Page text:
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LHDL data collection,ninth release: Tibia and Fibula Tissue-Level measurement.

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  • LHDL data collection,ninth release: Tibia and Fibula Tissue-Level measurement.

    The Computational Bioengineering Lab¬BIC by the
    Istituto Ortopedico Rizzoli in Bologna
    (Italy) announces the release of the ninth
    selection of data belonging to the Living Human
    Digital Library -LHDL- multiscale musculoskeletal
    data collection, relative to LHDL_Donor1 .
    The new data resources available from today
    consist of data on the left and right Tibia and
    Fibula of LHDL_Donor1 which have been measured in vitro at the tissue level.
    The data were obtained from three different
    validated data collection procedures:
    1- mechanical compressive tests of regular
    cylindrical samples extracted from trabecular and
    cortical regions of the tibiae;
    2- results of image analysis on microCT datasets on the same specimens
    3- histological analysis of planar samples
    extracted from trabecular and cortical regions of the tibiae and fibulae.
    In order to identify the source of these data,
    the data resource also includes:
    * a model of the bone surface extracted from
    the high resolution CT scan (see fourth release, 1 Sep 2010 )
    * the anatomical planes used as reference
    * the locations of the specimens used for the mechanical and microCT tests
    * the location of planes used to cut the bone
    and extract the specimens for the histological tests

    A low-resolution model of the entire skeleton
    (named Locate) is also included, to make spatial
    alignment possible with other data resources coming from the same donor.
    Please be aware that bone surfaces on the locate
    may appear slightly different since they have
    been obtained from segmentation of the whole body CT, which is less detailed.

    The data can be accessed from the
    an interactive digital library service hosted on
    the Biomedtown portal, designed to manage and
    share a large collection of heterogeneous
    biomedical data. PhysiomeSpace provides free
    accounts with up to 1 GB of on-line storage space
    and it is free to use for no profit research
    purposes under the
    license agreement
    A license for commercial use of the LHDL data
    collection is also available, for more information please contact:
    This initiative is part of a bigger plan which by
    the end of 2010 will see the publication of the entire LHDL_Donor1 collection.

    How to access the PhysiomeSpace resources:
    To be able to access the LHDL multiscale collection, you firstly need to:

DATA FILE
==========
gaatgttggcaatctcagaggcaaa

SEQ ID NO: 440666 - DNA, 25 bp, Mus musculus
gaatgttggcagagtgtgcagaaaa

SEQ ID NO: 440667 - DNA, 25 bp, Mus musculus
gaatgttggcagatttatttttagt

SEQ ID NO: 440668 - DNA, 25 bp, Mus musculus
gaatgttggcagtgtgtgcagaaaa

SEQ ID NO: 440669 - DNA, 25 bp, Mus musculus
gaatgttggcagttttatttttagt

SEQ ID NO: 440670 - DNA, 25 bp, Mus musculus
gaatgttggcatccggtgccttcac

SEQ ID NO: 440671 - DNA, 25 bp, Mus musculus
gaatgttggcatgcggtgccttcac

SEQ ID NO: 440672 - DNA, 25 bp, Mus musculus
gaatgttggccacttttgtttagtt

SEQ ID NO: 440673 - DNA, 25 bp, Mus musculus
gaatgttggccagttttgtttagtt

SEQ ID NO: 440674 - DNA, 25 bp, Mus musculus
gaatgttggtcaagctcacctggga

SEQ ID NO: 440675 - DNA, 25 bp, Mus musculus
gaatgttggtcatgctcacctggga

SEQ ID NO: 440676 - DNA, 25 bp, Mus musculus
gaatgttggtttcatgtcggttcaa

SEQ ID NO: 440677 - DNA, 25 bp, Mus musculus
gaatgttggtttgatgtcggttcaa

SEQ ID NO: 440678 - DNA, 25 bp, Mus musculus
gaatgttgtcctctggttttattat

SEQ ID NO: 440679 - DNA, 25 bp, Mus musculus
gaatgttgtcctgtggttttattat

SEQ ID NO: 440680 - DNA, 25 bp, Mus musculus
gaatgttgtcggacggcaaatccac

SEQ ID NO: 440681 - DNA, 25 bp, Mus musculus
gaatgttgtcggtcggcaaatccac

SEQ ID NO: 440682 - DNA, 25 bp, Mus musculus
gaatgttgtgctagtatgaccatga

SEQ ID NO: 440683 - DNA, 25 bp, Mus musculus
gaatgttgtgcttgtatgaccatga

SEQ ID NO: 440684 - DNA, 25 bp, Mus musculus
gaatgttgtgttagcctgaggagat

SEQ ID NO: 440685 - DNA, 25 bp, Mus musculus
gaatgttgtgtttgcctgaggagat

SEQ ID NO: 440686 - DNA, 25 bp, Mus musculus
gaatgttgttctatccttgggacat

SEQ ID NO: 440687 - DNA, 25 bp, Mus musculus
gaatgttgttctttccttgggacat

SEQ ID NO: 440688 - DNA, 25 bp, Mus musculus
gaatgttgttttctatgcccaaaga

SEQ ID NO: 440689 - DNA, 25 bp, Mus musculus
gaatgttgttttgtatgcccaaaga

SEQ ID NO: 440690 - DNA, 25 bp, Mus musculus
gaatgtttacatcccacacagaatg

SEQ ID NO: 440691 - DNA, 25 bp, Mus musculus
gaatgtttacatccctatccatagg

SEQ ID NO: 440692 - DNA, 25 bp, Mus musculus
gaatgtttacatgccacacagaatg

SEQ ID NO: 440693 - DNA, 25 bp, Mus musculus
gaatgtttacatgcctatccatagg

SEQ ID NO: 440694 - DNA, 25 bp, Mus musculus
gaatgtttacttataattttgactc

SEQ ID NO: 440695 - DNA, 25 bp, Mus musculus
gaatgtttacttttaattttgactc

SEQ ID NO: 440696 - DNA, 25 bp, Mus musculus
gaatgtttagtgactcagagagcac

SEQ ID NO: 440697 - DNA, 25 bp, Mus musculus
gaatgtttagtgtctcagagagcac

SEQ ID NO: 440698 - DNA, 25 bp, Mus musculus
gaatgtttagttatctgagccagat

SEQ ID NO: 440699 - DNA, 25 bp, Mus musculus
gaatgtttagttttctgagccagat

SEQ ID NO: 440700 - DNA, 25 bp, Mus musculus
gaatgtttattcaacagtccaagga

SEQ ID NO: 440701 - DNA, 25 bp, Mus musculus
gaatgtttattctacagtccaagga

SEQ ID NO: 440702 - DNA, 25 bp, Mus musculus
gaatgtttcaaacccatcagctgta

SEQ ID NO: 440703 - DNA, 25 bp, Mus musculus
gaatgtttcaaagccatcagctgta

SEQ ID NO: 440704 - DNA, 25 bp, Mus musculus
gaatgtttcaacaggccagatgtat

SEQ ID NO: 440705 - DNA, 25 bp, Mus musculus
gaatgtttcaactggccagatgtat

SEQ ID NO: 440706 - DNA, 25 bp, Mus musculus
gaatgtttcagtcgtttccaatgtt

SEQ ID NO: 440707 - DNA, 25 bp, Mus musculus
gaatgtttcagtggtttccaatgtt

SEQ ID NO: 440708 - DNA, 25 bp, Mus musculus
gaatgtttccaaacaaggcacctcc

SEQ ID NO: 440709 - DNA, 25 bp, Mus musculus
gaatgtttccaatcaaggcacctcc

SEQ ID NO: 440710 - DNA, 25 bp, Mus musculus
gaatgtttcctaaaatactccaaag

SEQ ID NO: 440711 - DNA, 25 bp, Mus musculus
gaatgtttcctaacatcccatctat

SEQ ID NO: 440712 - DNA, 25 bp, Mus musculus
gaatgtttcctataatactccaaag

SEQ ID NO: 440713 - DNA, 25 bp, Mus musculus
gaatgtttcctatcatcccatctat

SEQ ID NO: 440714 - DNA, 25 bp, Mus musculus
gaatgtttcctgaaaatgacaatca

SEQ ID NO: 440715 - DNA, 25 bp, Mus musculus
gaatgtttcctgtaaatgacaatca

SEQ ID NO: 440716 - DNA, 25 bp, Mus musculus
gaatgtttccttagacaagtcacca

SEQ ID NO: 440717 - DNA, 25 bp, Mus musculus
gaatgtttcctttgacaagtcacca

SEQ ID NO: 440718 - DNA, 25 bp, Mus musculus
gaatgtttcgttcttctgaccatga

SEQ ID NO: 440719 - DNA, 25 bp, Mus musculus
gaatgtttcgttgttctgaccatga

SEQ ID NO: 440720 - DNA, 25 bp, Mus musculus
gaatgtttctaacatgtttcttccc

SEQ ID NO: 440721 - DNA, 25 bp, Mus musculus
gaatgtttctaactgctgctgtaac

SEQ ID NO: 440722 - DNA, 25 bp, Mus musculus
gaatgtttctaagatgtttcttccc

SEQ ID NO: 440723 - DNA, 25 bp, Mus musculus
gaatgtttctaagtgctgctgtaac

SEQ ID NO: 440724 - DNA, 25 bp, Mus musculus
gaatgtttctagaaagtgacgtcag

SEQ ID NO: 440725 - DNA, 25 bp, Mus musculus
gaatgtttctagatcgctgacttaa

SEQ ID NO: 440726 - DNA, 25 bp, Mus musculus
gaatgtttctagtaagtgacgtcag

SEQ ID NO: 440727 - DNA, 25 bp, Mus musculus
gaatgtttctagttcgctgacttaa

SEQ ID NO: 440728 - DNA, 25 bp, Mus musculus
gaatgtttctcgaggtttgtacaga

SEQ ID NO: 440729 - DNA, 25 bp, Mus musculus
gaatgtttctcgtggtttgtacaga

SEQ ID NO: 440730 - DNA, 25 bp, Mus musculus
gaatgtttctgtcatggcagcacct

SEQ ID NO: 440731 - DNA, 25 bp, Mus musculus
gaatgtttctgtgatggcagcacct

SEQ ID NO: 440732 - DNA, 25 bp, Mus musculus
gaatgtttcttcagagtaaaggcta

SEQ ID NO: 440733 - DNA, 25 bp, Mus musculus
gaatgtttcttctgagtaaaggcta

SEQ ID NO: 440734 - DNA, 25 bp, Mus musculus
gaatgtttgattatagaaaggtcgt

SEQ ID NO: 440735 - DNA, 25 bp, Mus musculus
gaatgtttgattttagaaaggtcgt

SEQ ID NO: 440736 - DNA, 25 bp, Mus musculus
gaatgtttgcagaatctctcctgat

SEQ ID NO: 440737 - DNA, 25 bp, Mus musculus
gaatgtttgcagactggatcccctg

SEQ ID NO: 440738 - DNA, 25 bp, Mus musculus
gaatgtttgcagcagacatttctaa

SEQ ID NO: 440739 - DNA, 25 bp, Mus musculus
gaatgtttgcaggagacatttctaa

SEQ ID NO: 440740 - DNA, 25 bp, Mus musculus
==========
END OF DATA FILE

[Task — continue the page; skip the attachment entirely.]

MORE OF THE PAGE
- register to the BiomedTown portal,
    - subscribe to the PhysiomeSpace user group,
    - install the PSLoader© client application.
    For more detailed instructions, please read the
    “How to get access to the service” section, at <
    You are now ready to download the data
    repository. Go To and:
    - search within the available data
    resources and then add those you wish to download
    to your basket, clicking on the shopping cart
    icon next to it. Now you are ready to download the resource with PSLoader©- Open PSLoader© and authenticate, inserting BT username and password.
    To finalise the download into PSLoader©, follow
    this path: Operations>Manage>Download from
    basket. Proceed saving the data. A window called
    “Download from basket” will open, listing the
    resources currently in your basket. At the end of
    the download process, the downloaded data
    resources will appear in the PSLoader© data tree,
    and you can start working on them.

    About the LHDL project:
    The Living Human Digital Library (LHDL) research
    026932) was a STREP Project co-funded by the
    European Commission's as part of the 6th
    Framework Programme. The project, under the
    scientific coordination of the Istituto
    Ortopedico Rizzoli (IOR, Italy), ran for three
    years from February 2006 to February 2009 and saw
    the participation of the University of
    Bedfordshire (U.K.), the Université Libre de
    Bruxelles (ULB, Belgium), the Open University
    (U.K.) and the CINECA Super Computing Centre (Italy).

    About PhysiomeSpace:
    On the basis of the technology developed during
    the LHDL, CINECA spin-off Super Computing
    Solutions (SCS) has recently started an
    interactive digital library service, called
    PhysiomeSpace designed to
    manage and share with other researchers large
    collection of heterogeneous biomedical data such
    as medical imaging, motion capture, biomedical
    instrumentation signals, finite element models,
    etc. If you wish to have more information on the
    service, please contact:

    For further information on the data collection please visit:



    Giovanna Farinella, Martina Contin, Enrico
    Schileo and Marco Viceconti for the
    BioEngineering Computing Laboratory of Istituto
    Ortopedico Rizzoli, Bologna, Italy

    Giovanna Farinella
    Biomedical Engineer
    BioEngineering Computing Laboratory
    Istituti Ortopedici Rizzoli
    Via di Barbiano 1/10, 40126, Bologna (Italy)
    tel +39-051-6366965
    e-mail: or